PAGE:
If you change the opacity level of one or more layered clips so they have some transparency, the clips blend and you see both images combined.

Moving Clips Vertically to Another Track

When you’re compositing, you may need to move a clip vertically from one track to another but keep its location in time in a sequence from changing. You might do this to:

  • Move a video clip on top of another one so that it appears in front

  • Move a clip to another track to make room for another clip being edited in

To do this, hold down the Shift key while you drag a clip up or down. For more information about moving clips to another track without accidentally moving them forward or backward in time, see Arranging Clips in the Timeline.

Adjusting Opacity Levels of Clips

Every video clip has an Opacity parameter that allows you to change the clip’s level of transparency. When you adjust the opacity level of one or more clips, they blend to create a single image. You can then use the resulting image as the background for another layer, such as a text or graphics layer.

Figure. Canvas window showing two clips blending together.

There are two ways you can adjust a clip’s opacity:

  • Drag the opacity overlay of a clip in the Timeline.

  • Open the clip in the Viewer and specify the Opacity parameter’s value in the Motion tab.

The Opacity parameter in the Motion tab and the opacity overlay displayed in the Timeline have identical settings. A change made to one is mirrored in the other.

When you blend multiple clips together using the Opacity parameter, it’s important to be aware of the color range, the amount of movement, and the overall amount of contrast and texture in the images with which you’re working. Balancing all of these qualities is what separates a good-looking composite from a confused jumble of images and motion.

To adjust the opacity of a clip (with no keyframes) in the Timeline
  1. In the Timeline, click the Clip Overlays control.

    Figure. Timeline window showing the opacity overlay being dragged to adjust the opacity level, and the Clip Overlays control.
  2. Drag the opacity overlay up or down to adjust the setting.

    To adjust the opacity of a clip with greater accuracy, hold down the Command key while you drag the opacity overlay.

    Note: The overlay appears as a black line if the clip is not selected and as a white line if the clip is selected.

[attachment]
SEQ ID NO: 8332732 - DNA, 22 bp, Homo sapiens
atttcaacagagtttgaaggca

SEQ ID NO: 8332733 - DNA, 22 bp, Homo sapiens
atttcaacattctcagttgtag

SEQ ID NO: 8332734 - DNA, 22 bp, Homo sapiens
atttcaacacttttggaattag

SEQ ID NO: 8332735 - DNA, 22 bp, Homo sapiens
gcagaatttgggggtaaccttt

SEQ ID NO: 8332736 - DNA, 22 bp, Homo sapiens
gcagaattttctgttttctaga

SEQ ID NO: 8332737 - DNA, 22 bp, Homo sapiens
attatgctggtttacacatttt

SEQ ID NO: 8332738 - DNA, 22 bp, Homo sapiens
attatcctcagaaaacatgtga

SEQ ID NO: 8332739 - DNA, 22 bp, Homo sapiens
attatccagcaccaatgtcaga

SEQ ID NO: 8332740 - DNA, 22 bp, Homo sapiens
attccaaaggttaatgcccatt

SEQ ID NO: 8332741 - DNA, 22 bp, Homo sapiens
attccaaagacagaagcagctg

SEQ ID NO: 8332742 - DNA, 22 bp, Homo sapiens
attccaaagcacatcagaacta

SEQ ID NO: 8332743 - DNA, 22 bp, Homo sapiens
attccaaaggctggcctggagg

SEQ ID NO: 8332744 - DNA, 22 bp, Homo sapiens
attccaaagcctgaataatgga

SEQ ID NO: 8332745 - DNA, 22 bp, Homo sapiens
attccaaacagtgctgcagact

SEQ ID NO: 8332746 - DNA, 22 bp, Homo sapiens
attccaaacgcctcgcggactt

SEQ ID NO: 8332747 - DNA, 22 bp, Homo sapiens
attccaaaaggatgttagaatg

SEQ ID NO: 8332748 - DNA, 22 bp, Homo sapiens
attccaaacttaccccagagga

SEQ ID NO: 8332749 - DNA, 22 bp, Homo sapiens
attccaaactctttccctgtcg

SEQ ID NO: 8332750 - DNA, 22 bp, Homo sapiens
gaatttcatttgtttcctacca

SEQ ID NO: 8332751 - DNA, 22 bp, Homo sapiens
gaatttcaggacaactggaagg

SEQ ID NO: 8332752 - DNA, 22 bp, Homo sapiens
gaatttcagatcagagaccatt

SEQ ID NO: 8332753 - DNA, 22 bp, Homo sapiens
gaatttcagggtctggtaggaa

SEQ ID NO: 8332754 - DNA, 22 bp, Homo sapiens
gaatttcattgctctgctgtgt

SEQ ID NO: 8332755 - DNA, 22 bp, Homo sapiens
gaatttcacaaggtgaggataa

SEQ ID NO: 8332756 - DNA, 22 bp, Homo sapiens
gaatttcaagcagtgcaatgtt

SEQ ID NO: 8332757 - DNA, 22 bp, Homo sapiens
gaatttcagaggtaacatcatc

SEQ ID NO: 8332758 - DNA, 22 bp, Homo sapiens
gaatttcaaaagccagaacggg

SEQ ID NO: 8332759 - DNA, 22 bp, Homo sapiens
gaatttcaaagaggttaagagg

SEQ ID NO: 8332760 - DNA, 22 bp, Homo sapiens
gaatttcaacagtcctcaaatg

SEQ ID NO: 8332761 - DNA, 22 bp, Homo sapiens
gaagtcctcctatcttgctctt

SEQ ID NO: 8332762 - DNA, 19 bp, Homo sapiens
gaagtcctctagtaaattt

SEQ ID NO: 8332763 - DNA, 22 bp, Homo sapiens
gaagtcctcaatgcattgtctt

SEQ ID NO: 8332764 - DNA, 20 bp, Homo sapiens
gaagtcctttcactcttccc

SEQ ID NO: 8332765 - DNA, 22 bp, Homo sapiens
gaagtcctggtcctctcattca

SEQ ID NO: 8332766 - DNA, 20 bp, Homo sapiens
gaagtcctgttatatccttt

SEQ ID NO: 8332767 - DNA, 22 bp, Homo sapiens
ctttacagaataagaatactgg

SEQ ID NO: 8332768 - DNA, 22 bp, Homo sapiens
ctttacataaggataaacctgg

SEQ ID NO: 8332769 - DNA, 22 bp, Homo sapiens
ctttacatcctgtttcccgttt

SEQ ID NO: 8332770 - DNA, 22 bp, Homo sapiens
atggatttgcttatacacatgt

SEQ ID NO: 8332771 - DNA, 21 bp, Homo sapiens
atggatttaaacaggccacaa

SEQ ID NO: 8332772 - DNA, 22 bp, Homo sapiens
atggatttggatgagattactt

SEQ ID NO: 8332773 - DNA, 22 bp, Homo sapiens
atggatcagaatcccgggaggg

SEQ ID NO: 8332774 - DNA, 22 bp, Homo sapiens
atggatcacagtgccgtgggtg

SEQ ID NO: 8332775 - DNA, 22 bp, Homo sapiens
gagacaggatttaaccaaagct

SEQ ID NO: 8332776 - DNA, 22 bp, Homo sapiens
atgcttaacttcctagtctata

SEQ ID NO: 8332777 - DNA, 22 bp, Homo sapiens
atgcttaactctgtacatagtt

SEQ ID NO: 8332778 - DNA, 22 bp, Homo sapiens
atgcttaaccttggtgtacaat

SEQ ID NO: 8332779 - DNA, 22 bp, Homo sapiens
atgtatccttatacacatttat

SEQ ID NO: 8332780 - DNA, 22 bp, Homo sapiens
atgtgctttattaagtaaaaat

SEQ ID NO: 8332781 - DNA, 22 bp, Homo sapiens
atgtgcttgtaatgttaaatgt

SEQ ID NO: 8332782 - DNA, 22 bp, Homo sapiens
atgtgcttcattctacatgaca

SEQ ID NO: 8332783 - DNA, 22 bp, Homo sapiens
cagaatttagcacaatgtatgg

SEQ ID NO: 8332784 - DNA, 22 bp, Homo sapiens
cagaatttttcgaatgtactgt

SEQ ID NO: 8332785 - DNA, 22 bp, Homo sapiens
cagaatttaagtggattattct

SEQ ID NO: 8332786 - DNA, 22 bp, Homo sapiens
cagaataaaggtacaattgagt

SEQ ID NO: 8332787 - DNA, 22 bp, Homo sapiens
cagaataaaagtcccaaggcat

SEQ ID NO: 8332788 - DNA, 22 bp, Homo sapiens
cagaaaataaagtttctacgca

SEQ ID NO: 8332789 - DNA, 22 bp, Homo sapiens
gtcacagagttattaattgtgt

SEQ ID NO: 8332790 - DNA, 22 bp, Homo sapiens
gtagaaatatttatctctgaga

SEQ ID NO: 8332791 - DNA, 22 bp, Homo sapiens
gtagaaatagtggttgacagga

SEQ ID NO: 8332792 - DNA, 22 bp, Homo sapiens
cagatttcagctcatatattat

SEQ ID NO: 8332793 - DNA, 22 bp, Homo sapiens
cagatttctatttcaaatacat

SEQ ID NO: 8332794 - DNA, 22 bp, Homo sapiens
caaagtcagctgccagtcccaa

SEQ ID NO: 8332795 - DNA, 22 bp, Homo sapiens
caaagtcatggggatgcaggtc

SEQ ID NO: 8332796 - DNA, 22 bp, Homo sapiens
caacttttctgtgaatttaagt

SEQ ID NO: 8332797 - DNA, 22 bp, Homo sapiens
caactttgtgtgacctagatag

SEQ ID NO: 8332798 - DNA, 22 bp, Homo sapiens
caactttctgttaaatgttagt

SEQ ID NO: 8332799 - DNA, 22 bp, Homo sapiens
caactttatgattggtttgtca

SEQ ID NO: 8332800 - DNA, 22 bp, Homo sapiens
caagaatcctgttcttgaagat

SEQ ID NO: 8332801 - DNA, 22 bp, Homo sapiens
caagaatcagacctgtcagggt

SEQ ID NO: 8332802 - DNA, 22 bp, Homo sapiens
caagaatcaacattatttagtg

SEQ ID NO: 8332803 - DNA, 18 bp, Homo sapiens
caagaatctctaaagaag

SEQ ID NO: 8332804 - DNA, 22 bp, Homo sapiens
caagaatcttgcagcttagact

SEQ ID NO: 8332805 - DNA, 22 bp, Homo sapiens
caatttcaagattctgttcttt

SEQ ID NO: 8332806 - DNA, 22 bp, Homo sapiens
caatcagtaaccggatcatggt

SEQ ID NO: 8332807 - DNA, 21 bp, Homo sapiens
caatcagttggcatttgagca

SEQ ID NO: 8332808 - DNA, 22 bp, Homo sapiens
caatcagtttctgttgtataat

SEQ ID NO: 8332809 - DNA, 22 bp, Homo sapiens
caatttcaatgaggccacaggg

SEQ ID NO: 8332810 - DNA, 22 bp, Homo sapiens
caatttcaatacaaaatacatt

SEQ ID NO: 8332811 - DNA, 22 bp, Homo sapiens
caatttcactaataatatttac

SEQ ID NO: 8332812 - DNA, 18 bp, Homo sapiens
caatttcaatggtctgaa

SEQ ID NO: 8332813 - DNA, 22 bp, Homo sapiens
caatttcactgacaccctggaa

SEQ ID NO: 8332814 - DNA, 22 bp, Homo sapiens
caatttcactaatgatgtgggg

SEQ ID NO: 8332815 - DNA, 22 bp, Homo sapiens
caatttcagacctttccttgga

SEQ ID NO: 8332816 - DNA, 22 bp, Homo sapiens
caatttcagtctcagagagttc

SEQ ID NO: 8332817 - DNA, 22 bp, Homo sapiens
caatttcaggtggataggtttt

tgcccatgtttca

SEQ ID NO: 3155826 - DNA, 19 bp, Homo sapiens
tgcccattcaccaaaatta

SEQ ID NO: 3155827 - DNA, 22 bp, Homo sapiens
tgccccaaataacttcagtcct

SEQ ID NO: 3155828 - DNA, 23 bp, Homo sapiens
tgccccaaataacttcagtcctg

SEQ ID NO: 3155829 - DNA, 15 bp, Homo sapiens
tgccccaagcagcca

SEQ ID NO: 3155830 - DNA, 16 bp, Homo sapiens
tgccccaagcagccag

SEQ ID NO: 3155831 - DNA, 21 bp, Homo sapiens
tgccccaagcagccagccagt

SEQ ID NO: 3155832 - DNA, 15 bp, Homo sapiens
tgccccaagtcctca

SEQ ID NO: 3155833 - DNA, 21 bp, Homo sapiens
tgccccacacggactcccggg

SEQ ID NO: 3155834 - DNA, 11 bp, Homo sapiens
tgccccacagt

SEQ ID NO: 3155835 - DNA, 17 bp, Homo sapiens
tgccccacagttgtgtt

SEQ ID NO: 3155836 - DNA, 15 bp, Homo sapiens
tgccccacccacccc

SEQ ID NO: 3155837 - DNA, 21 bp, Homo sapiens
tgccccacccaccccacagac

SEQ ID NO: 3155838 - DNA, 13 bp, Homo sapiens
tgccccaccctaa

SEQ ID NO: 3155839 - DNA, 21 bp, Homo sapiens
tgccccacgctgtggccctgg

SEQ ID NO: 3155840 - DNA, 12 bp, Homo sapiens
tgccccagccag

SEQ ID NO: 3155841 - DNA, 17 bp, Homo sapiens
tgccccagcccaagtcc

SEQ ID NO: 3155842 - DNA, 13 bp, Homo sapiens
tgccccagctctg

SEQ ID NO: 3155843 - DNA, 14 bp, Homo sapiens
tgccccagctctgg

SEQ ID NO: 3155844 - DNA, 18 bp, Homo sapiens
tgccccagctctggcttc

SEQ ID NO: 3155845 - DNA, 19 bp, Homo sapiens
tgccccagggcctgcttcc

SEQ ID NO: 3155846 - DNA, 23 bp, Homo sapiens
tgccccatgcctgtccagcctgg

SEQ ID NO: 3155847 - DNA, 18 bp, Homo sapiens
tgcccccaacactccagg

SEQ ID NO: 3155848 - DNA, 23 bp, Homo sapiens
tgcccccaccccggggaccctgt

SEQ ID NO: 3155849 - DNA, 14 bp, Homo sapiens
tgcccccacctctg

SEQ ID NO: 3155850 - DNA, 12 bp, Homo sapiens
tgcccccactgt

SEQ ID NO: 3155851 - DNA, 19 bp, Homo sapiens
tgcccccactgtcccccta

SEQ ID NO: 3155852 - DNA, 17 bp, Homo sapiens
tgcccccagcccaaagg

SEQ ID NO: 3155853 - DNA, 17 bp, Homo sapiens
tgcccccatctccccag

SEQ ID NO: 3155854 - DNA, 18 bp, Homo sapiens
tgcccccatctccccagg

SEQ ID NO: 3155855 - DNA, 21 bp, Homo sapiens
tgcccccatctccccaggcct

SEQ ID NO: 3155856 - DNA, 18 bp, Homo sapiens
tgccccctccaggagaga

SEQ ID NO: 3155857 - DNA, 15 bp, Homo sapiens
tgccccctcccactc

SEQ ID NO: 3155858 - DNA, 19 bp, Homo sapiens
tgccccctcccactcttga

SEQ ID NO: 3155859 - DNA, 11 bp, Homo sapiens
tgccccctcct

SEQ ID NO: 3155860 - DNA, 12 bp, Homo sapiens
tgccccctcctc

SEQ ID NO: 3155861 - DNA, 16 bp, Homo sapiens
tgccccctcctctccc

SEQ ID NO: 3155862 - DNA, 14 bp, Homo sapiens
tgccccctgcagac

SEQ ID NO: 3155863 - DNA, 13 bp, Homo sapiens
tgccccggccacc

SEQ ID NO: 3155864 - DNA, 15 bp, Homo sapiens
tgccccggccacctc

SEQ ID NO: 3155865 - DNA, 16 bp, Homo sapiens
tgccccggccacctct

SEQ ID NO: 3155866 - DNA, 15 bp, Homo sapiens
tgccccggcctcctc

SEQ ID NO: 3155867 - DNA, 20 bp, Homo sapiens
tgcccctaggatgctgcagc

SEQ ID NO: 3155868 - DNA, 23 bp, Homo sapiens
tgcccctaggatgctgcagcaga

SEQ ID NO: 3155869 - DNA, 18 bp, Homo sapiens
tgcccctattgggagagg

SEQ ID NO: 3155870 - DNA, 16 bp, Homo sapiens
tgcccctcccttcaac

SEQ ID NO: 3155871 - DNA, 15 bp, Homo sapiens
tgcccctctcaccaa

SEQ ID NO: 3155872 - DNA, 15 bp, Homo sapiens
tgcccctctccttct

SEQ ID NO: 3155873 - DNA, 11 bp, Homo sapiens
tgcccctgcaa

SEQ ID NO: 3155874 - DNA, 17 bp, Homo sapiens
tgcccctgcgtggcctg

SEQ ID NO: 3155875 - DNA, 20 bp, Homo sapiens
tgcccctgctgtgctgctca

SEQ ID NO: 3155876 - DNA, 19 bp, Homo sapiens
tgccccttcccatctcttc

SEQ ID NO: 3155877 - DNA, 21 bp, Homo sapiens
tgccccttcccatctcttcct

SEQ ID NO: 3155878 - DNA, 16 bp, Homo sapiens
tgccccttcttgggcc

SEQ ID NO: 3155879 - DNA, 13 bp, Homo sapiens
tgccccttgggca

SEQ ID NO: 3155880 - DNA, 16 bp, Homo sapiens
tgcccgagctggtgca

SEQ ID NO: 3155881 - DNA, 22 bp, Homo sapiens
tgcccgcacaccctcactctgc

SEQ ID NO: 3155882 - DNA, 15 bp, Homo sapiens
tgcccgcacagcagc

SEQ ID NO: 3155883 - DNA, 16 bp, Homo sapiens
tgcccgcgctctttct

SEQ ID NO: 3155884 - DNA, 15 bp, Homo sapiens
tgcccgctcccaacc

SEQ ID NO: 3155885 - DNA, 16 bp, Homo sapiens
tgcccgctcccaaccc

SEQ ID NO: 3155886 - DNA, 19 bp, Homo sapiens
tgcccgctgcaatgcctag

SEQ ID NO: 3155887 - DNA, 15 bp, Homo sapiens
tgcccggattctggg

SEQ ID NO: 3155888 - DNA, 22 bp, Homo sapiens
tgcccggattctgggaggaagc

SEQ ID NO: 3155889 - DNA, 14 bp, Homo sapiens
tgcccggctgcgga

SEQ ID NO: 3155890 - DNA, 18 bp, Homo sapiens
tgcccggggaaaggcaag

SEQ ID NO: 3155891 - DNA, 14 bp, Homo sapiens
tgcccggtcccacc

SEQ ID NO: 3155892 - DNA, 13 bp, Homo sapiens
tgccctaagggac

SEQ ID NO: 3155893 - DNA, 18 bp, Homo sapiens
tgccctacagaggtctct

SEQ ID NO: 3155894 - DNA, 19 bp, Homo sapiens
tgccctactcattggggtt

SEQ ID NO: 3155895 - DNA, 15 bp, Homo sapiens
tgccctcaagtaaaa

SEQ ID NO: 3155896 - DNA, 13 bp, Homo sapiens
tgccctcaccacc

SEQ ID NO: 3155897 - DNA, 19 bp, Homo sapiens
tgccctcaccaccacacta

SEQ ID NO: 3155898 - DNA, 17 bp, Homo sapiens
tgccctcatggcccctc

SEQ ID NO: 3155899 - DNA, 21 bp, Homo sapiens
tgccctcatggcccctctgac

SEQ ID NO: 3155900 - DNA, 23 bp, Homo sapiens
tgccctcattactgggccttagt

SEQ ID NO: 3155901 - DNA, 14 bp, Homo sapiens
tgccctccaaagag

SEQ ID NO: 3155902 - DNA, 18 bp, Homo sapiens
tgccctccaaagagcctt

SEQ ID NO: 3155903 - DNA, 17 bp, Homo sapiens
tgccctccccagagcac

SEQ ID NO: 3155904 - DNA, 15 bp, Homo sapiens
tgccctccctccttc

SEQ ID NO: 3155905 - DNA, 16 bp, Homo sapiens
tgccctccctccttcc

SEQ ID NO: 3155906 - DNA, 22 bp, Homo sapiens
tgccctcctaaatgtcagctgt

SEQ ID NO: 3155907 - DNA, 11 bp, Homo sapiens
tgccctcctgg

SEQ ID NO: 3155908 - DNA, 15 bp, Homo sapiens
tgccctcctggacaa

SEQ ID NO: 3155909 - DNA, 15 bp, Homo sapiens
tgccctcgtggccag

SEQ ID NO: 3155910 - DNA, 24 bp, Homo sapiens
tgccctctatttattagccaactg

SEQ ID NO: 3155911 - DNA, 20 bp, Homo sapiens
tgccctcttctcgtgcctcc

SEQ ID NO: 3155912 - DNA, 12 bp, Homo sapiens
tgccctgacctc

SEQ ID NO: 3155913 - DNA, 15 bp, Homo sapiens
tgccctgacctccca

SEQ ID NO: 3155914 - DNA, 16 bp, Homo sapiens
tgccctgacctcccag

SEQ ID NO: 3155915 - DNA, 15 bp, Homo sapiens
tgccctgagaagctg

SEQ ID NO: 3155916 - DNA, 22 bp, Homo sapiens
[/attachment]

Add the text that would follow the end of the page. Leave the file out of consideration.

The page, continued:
Figure. Timeline window showing the pointer changing to the Adjust Line Segment pointer as it is positioned over the opacity overlay, and a box with the percentage of opacity.
To adjust the opacity of a clip (with no keyframes) in the Motion tab
  1. Double-click the sequence clip you want to adjust to open it in the Viewer, then click the Motion tab.

    Note: When compositing clips in a sequence, make sure that you are always working on sequence clips and not Browser clips. For example, if you do a match frame edit or inadvertently open a clip from the Browser, you won’t be modifying a clip in the sequence and so you won’t see changes in the Canvas.

  2. Click the disclosure triangle next to the Opacity parameter.

    Figure. Motion tab showing the Opacity parameter, Opacity slider, number field, and the opacity keyframe graph area.
  3. Adjust the opacity by doing one of the following:

    • Drag the Opacity slider to the right or left.

    • Click the arrows at the right and left of the Opacity slider.

    • Type a percentage in the number field.

    • Adjust the Opacity parameter’s keyframe graph line.

      The pointer changes to the Adjust Line Segment pointer; a box shows the percentage of opacity as you drag the keyframe graph line.

    The opacity overlay in the Timeline can also be keyframed, enabling you to dynamically change the opacity level over time. For information on keyframing, see Animating Motion Effects Using Keyframes.